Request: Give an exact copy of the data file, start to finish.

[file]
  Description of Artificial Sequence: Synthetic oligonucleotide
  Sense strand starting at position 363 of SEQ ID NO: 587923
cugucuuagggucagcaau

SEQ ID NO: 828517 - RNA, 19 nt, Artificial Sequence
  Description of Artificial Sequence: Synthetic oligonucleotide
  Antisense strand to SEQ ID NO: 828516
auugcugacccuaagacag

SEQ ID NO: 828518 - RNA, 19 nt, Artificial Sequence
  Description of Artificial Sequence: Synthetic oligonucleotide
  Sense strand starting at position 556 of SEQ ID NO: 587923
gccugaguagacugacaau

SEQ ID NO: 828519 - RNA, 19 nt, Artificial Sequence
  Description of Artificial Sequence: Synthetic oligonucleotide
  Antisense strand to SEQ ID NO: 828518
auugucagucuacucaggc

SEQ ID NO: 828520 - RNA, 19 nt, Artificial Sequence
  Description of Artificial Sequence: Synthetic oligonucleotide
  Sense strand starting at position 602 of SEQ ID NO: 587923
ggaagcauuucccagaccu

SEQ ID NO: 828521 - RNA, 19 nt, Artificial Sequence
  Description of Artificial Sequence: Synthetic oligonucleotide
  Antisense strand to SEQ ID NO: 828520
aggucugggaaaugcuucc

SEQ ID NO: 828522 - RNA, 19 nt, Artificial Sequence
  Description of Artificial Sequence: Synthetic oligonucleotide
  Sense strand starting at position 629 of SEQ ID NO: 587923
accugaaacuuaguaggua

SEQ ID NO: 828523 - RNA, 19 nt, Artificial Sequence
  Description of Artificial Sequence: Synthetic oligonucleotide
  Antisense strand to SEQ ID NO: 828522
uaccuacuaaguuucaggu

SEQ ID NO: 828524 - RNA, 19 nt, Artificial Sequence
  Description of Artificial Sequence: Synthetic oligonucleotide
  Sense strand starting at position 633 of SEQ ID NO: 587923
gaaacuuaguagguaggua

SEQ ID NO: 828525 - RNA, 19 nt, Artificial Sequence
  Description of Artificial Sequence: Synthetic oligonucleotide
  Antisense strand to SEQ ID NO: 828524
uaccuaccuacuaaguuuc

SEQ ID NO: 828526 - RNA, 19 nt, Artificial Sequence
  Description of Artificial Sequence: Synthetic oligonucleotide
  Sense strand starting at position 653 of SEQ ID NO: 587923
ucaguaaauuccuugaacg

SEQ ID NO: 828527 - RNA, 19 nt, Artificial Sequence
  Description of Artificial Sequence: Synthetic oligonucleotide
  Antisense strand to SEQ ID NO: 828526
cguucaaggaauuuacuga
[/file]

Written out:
  Description of Artificial Sequence: Synthetic oligonucleotide
  Sense strand starting at position 363 of SEQ ID NO: 587923
cugucuuagggucagcaau

SEQ ID NO: 828517 - RNA, 19 nt, Artificial Sequence
  Description of Artificial Sequence: Synthetic oligonucleotide
  Antisense strand to SEQ ID NO: 828516
auugcugacccuaagacag

SEQ ID NO: 828518 - RNA, 19 nt, Artificial Sequence
  Description of Artificial Sequence: Synthetic oligonucleotide
  Sense strand starting at position 556 of SEQ ID NO: 587923
gccugaguagacugacaau

SEQ ID NO: 828519 - RNA, 19 nt, Artificial Sequence
  Description of Artificial Sequence: Synthetic oligonucleotide
  Antisense strand to SEQ ID NO: 828518
auugucagucuacucaggc

SEQ ID NO: 828520 - RNA, 19 nt, Artificial Sequence
  Description of Artificial Sequence: Synthetic oligonucleotide
  Sense strand starting at position 602 of SEQ ID NO: 587923
ggaagcauuucccagaccu

SEQ ID NO: 828521 - RNA, 19 nt, Artificial Sequence
  Description of Artificial Sequence: Synthetic oligonucleotide
  Antisense strand to SEQ ID NO: 828520
aggucugggaaaugcuucc

SEQ ID NO: 828522 - RNA, 19 nt, Artificial Sequence
  Description of Artificial Sequence: Synthetic oligonucleotide
  Sense strand starting at position 629 of SEQ ID NO: 587923
accugaaacuuaguaggua

SEQ ID NO: 828523 - RNA, 19 nt, Artificial Sequence
  Description of Artificial Sequence: Synthetic oligonucleotide
  Antisense strand to SEQ ID NO: 828522
uaccuacuaaguuucaggu

SEQ ID NO: 828524 - RNA, 19 nt, Artificial Sequence
  Description of Artificial Sequence: Synthetic oligonucleotide
  Sense strand starting at position 633 of SEQ ID NO: 587923
gaaacuuaguagguaggua

SEQ ID NO: 828525 - RNA, 19 nt, Artificial Sequence
  Description of Artificial Sequence: Synthetic oligonucleotide
  Antisense strand to SEQ ID NO: 828524
uaccuaccuacuaaguuuc

SEQ ID NO: 828526 - RNA, 19 nt, Artificial Sequence
  Description of Artificial Sequence: Synthetic oligonucleotide
  Sense strand starting at position 653 of SEQ ID NO: 587923
ucaguaaauuccuugaacg

SEQ ID NO: 828527 - RNA, 19 nt, Artificial Sequence
  Description of Artificial Sequence: Synthetic oligonucleotide
  Antisense strand to SEQ ID NO: 828526
cguucaaggaauuuacuga